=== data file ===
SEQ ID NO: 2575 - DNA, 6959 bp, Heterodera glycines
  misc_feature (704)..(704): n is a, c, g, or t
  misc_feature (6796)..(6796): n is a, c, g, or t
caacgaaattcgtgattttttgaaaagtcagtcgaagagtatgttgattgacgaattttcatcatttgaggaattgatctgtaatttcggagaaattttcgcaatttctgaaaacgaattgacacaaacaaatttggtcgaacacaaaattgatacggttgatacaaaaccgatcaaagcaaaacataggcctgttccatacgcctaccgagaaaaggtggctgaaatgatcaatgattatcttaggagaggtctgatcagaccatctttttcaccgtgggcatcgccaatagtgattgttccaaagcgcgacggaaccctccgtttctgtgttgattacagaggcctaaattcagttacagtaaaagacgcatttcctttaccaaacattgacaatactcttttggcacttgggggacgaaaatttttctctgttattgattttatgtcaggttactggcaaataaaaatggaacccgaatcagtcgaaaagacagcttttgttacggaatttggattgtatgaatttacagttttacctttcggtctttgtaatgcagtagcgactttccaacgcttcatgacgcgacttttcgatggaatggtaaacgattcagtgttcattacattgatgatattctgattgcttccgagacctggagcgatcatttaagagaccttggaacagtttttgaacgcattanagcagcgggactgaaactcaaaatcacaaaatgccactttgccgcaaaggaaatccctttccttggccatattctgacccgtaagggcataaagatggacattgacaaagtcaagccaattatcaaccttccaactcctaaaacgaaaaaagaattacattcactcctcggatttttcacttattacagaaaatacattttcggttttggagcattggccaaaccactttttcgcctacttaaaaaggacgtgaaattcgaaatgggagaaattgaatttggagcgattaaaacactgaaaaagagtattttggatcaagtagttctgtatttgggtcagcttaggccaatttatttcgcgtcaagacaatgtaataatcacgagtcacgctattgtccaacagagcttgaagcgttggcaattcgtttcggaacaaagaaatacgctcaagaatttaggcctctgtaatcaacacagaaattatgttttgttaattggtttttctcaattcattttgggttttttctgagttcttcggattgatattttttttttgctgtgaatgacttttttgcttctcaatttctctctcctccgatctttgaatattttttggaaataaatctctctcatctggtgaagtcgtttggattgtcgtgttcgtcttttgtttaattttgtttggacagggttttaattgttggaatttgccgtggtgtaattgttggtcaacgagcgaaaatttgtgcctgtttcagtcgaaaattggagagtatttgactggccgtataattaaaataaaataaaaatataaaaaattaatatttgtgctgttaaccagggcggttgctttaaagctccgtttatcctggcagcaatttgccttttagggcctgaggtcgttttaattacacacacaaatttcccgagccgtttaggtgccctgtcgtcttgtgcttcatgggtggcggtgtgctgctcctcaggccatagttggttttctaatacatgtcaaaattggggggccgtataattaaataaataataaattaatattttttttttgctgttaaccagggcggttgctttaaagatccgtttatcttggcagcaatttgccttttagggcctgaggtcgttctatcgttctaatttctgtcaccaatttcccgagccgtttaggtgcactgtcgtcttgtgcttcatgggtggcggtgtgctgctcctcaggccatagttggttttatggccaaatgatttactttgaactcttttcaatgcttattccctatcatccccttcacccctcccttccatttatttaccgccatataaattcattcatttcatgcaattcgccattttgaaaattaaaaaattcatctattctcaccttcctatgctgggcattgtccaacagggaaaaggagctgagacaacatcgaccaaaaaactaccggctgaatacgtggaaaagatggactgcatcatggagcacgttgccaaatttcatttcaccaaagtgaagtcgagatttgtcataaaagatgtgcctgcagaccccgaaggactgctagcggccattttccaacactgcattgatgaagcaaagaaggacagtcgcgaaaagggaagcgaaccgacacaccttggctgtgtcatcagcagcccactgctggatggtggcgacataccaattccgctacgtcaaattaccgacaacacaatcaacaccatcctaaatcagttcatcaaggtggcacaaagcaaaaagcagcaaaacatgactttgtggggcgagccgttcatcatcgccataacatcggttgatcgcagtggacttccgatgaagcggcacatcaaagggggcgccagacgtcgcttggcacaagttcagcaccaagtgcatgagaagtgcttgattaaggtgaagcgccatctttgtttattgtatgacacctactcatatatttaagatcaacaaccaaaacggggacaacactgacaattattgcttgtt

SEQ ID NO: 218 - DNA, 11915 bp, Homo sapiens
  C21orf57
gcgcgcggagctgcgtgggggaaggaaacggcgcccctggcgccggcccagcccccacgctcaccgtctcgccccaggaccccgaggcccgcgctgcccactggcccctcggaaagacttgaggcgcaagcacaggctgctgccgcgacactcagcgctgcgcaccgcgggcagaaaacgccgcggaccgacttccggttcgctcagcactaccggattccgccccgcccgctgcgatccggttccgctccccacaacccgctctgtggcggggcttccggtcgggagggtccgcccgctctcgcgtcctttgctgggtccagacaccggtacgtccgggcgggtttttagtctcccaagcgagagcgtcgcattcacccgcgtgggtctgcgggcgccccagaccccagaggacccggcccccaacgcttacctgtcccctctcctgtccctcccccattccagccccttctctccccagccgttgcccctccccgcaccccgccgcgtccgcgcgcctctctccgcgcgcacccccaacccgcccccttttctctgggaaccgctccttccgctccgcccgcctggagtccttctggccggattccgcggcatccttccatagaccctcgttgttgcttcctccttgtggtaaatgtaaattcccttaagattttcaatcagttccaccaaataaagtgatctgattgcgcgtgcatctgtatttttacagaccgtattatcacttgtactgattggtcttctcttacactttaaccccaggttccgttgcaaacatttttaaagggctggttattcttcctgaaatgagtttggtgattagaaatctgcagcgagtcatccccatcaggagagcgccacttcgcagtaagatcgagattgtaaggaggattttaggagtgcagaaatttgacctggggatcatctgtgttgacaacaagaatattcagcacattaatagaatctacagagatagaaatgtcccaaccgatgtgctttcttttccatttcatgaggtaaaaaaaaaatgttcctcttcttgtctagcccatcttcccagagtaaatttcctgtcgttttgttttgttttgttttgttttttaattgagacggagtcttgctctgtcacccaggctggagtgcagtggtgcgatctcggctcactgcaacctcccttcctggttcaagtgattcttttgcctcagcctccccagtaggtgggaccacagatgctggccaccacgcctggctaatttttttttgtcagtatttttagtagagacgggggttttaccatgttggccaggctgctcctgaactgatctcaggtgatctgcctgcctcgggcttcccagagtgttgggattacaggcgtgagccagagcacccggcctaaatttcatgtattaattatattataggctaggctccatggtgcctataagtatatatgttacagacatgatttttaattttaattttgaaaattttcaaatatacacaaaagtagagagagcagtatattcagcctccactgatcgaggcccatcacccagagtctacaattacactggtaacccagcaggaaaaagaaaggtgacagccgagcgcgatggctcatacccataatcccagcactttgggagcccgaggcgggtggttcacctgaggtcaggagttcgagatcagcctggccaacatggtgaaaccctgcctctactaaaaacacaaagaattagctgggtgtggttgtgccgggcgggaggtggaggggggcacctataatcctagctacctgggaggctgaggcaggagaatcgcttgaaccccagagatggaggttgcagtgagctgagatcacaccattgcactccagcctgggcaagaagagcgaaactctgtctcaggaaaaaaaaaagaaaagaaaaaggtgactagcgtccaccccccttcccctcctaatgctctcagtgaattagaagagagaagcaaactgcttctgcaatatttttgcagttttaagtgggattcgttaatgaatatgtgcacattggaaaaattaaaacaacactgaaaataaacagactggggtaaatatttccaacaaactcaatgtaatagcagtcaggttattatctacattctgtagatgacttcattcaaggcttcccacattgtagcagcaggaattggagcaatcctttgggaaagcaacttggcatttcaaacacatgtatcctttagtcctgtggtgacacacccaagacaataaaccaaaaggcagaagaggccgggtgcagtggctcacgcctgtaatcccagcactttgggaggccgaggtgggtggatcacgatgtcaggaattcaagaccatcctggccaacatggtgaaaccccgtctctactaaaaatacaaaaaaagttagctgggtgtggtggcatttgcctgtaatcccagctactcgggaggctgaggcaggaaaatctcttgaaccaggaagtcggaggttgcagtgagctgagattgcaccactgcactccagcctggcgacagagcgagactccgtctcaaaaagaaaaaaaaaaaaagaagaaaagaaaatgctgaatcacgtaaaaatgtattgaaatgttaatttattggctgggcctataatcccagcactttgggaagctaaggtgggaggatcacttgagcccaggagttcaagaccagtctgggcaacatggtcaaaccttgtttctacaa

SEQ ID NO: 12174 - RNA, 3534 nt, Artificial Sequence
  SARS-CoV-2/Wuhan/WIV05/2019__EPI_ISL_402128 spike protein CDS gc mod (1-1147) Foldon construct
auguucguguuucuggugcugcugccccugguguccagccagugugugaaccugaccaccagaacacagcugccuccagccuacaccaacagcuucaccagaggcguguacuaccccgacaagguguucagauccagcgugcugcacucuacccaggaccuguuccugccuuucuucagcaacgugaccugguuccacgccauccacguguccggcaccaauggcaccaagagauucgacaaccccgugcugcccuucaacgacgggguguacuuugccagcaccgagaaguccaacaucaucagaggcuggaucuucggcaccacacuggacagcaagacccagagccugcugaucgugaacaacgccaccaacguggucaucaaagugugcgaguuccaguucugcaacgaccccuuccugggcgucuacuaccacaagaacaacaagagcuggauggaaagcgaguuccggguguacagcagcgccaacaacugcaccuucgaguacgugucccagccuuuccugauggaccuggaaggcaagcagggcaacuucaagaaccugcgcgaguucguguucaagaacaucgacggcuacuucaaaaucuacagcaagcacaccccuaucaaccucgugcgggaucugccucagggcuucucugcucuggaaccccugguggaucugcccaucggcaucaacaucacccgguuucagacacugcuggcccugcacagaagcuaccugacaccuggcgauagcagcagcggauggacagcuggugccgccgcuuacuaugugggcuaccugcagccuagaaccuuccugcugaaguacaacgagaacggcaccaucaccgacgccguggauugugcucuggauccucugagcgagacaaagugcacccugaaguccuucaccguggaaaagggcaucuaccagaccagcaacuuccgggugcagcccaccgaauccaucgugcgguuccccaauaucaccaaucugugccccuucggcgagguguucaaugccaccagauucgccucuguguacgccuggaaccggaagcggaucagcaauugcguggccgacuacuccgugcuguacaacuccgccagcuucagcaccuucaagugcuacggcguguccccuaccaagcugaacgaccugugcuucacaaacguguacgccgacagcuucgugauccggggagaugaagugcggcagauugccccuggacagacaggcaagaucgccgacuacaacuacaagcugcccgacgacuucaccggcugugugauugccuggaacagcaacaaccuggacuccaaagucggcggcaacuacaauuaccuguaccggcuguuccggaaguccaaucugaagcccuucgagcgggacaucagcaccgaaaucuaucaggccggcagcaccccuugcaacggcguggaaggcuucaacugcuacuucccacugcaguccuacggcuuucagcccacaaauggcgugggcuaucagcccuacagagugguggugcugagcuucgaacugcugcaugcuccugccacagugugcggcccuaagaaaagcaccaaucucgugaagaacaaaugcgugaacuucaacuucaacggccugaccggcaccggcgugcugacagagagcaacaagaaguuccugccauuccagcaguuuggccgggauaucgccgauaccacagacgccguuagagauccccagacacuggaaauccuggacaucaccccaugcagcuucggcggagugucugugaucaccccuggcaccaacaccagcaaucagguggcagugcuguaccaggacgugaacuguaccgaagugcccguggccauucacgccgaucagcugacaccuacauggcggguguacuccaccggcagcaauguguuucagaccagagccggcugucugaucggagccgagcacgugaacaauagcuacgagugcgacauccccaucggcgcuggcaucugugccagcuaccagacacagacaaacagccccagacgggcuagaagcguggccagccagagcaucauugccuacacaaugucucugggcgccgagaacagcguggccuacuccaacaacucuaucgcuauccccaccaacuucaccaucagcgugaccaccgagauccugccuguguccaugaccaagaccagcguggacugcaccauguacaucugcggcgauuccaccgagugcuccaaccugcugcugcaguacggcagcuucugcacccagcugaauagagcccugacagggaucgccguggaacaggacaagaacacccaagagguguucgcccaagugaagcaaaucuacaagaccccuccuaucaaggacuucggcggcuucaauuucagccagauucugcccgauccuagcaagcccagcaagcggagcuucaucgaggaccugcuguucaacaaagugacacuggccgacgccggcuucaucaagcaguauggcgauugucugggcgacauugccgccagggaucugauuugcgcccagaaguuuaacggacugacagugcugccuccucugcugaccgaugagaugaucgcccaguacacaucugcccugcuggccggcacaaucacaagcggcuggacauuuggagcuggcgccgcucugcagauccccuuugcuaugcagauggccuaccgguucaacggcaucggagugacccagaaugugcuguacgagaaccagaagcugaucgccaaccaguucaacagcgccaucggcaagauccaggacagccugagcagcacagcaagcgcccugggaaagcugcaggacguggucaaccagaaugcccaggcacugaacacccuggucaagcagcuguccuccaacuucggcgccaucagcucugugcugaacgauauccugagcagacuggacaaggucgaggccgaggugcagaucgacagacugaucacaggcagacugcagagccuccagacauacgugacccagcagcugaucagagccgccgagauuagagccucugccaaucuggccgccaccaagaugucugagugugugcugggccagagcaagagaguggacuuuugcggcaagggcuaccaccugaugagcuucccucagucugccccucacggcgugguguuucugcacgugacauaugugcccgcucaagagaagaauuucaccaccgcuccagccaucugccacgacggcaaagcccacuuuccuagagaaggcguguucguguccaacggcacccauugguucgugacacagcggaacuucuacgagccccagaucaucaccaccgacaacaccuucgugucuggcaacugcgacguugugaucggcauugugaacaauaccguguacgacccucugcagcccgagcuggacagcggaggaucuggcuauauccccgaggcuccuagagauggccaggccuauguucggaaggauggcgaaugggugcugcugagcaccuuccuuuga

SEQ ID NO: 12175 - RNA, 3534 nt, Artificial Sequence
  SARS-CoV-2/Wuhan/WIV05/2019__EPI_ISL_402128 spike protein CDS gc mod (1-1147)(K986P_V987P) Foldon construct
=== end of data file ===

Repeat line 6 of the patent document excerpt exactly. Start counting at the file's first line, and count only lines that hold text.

  C21orf57